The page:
November 12, 2008, 6:00 am

Possible Ways to Make Cash Down for a Mortgage Part 2

by: The Financial Blogger    Category: Banks and You,Personal Finance
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In my previous post about how to make cash down for a mortgage, I outlined the more traditional ways to get sufficient cash down before getting approved for a mortgage. However, sometimes we have the youth, the energy and the cash flow to make it happens, it doesn’t mean that we have enough cash down right away thought. For those who want to take more risk and don’t want to wait to get their mortgage, there are more creative ways to “create” cash down for your mortgage.



Please note that these are not recommendation or advices, I am only pointing out ways to make cash down for a mortgage, not telling you to do it! Professional advices are required before getting into these strategies.

The RRSP Loan switchback

This method is used by several advisors in the field. Since you are allowed to withdraw up to 20K per person from your RRSP without being taxed (Home Buyer Plan), you can take a RRSP loan of 20K in order to benefit from this option. So you take the 20K RRSP loan, invest the money and receive your tax return. Then, you withdraw your 20K under the HBP and reimburse the RRSP loan. Where is your cash down? Your tax return! At 38% marginal tax rate (it could be higher), you will receive $7,600.

The financed cash down

You don’t have any cash down but you have a good income and low debts? You can “finance” your cash down. Take a line of credit of 10 or 20K with a purpose like investing or emergency fund. Then, invest this money in a money market fund for 3 months. When you apply for your mortgage, they will not look further than 3 months to see where the money is coming. Therefore, they won’t figure that you are borrowing this money.

The dealer

This technique is getting way tougher with the current mortgage market. You can always negotiate with the seller in order to owe them a part of the money at a later date. Example: agreed price: 300K. Price showed on the purchase offer: 275K with a separate contract of 25K aside payable in 12 to 24 months. Is this legal? I have no clue, but I say it happened several times. However, you better check if it’s legal or not before doing anything. Once again, these are ways I saw happened in the banking industry, I don’t endorse them.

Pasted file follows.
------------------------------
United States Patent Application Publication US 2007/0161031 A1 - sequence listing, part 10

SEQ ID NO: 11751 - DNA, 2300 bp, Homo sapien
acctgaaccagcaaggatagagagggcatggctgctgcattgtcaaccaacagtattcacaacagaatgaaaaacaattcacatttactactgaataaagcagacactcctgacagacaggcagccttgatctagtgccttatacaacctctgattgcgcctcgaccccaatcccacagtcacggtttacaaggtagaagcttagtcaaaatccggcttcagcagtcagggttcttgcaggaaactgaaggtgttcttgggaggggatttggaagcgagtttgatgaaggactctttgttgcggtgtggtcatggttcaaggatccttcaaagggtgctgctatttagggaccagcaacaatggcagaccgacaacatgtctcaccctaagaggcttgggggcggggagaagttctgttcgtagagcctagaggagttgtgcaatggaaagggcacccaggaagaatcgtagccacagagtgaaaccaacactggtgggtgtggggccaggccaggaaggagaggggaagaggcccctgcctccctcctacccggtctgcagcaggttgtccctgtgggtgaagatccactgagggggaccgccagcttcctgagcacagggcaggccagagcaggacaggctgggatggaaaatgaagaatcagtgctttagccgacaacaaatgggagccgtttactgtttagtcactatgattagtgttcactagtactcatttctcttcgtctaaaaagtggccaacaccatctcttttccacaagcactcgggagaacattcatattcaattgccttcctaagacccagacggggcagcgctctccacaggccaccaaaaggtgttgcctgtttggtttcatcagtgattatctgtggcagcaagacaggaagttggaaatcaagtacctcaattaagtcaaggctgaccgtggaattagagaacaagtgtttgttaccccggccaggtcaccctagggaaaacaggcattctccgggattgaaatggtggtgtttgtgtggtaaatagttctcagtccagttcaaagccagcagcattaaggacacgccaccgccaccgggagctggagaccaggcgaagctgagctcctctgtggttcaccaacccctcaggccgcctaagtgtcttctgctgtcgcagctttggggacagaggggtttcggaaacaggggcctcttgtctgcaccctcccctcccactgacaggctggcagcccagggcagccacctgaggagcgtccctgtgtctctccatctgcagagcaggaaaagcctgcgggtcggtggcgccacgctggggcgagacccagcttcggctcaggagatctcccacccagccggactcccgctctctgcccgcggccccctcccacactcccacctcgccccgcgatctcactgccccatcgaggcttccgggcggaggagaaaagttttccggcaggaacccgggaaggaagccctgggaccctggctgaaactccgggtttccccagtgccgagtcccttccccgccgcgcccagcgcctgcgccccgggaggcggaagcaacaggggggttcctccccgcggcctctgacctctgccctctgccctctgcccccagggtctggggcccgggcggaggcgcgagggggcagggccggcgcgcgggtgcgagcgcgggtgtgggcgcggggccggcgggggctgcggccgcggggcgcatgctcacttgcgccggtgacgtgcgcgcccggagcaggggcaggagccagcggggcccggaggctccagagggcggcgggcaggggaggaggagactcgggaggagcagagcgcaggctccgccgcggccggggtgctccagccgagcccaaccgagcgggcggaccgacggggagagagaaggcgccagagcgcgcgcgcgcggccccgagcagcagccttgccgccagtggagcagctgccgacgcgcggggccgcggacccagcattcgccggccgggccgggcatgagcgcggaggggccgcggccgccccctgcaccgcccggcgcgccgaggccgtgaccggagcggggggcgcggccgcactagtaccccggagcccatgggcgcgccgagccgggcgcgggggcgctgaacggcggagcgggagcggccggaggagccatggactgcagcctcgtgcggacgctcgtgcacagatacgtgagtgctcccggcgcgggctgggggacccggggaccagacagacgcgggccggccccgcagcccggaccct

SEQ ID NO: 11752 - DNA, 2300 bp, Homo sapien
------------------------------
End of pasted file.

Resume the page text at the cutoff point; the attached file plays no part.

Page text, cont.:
The cash back run around

This method is legal since it is offered by several bankers as well. Instead of negotiating a good rate, you can accept the posted rate (yeah I know, it sucks!) and get a cash refund. This could go worth a few thousand bucks. It is a great solution if you are missing 5K and you don’t want to wait another year (when you think about it, even if you wait one year, you will probably be short again since the housing market will increase by at least 2 to 3% (inflation rate) most of the time).

In later posts, I will come back to some of those techniques with the pros and cons of each of them. This is what happen when you get creative in the financial world; you better know what you are doing!!

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Comments

Interesting post, all great ideas except for the second one. Two things are wrong with it:

1) Not disclosing a debt is, technically, mortgage fraud.

2) There’s no property for the LOC to be secured with. Therefore, it’ll be on your credit report anyway.

If the borrower has good credit, and they stay within their income ratios, the lender doesn’t give two craps if the down payment is financed.

by: The Financial Blogger | November 21st, 2008 (8:03 am)

Hello Nelson,

You will have to declare the debt. However, if you come today with $0 cash down and a $0 balance line of credit, chances are banks will tell you have no cash down. If you come 3 months later with a $15K cash down in a money market and a $15K balance on your line of credit, everybody will be happy 😉